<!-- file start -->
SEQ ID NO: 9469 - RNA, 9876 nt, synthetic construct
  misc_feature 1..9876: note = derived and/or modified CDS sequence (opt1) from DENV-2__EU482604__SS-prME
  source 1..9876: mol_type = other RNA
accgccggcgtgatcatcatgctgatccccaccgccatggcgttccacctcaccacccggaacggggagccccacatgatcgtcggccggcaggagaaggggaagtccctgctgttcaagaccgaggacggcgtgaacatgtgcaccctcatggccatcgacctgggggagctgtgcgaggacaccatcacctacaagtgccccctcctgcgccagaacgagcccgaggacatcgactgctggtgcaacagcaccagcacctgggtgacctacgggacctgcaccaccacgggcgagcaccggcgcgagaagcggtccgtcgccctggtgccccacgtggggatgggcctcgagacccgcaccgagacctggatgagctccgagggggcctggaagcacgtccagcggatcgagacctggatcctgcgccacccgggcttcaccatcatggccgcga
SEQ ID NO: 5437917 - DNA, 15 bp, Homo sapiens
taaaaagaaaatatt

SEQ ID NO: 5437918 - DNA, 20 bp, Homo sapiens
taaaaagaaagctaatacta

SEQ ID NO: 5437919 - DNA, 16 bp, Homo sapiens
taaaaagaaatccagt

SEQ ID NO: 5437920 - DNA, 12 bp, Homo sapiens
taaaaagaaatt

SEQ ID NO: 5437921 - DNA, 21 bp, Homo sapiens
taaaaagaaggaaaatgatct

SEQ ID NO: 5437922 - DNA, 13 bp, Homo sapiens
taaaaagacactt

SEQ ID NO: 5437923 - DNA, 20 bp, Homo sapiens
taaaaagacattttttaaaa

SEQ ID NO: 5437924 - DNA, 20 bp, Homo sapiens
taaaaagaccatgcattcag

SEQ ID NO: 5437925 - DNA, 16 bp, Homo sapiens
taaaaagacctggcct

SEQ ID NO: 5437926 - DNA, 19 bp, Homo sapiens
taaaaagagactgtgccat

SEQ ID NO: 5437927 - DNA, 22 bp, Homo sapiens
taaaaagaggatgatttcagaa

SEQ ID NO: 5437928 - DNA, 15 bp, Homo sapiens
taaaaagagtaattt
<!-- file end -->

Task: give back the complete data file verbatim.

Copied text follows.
SEQ ID NO: 9469 - RNA, 9876 nt, synthetic construct
  misc_feature 1..9876: note = derived and/or modified CDS sequence (opt1) from DENV-2__EU482604__SS-prME
  source 1..9876: mol_type = other RNA
accgccggcgtgatcatcatgctgatccccaccgccatggcgttccacctcaccacccggaacggggagccccacatgatcgtcggccggcaggagaaggggaagtccctgctgttcaagaccgaggacggcgtgaacatgtgcaccctcatggccatcgacctgggggagctgtgcgaggacaccatcacctacaagtgccccctcctgcgccagaacgagcccgaggacatcgactgctggtgcaacagcaccagcacctgggtgacctacgggacctgcaccaccacgggcgagcaccggcgcgagaagcggtccgtcgccctggtgccccacgtggggatgggcctcgagacccgcaccgagacctggatgagctccgagggggcctggaagcacgtccagcggatcgagacctggatcctgcgccacccgggcttcaccatcatggccgcga
SEQ ID NO: 5437917 - DNA, 15 bp, Homo sapiens
taaaaagaaaatatt

SEQ ID NO: 5437918 - DNA, 20 bp, Homo sapiens
taaaaagaaagctaatacta

SEQ ID NO: 5437919 - DNA, 16 bp, Homo sapiens
taaaaagaaatccagt

SEQ ID NO: 5437920 - DNA, 12 bp, Homo sapiens
taaaaagaaatt

SEQ ID NO: 5437921 - DNA, 21 bp, Homo sapiens
taaaaagaaggaaaatgatct

SEQ ID NO: 5437922 - DNA, 13 bp, Homo sapiens
taaaaagacactt

SEQ ID NO: 5437923 - DNA, 20 bp, Homo sapiens
taaaaagacattttttaaaa

SEQ ID NO: 5437924 - DNA, 20 bp, Homo sapiens
taaaaagaccatgcattcag

SEQ ID NO: 5437925 - DNA, 16 bp, Homo sapiens
taaaaagacctggcct

SEQ ID NO: 5437926 - DNA, 19 bp, Homo sapiens
taaaaagagactgtgccat

SEQ ID NO: 5437927 - DNA, 22 bp, Homo sapiens
taaaaagaggatgatttcagaa

SEQ ID NO: 5437928 - DNA, 15 bp, Homo sapiens
taaaaagagtaattt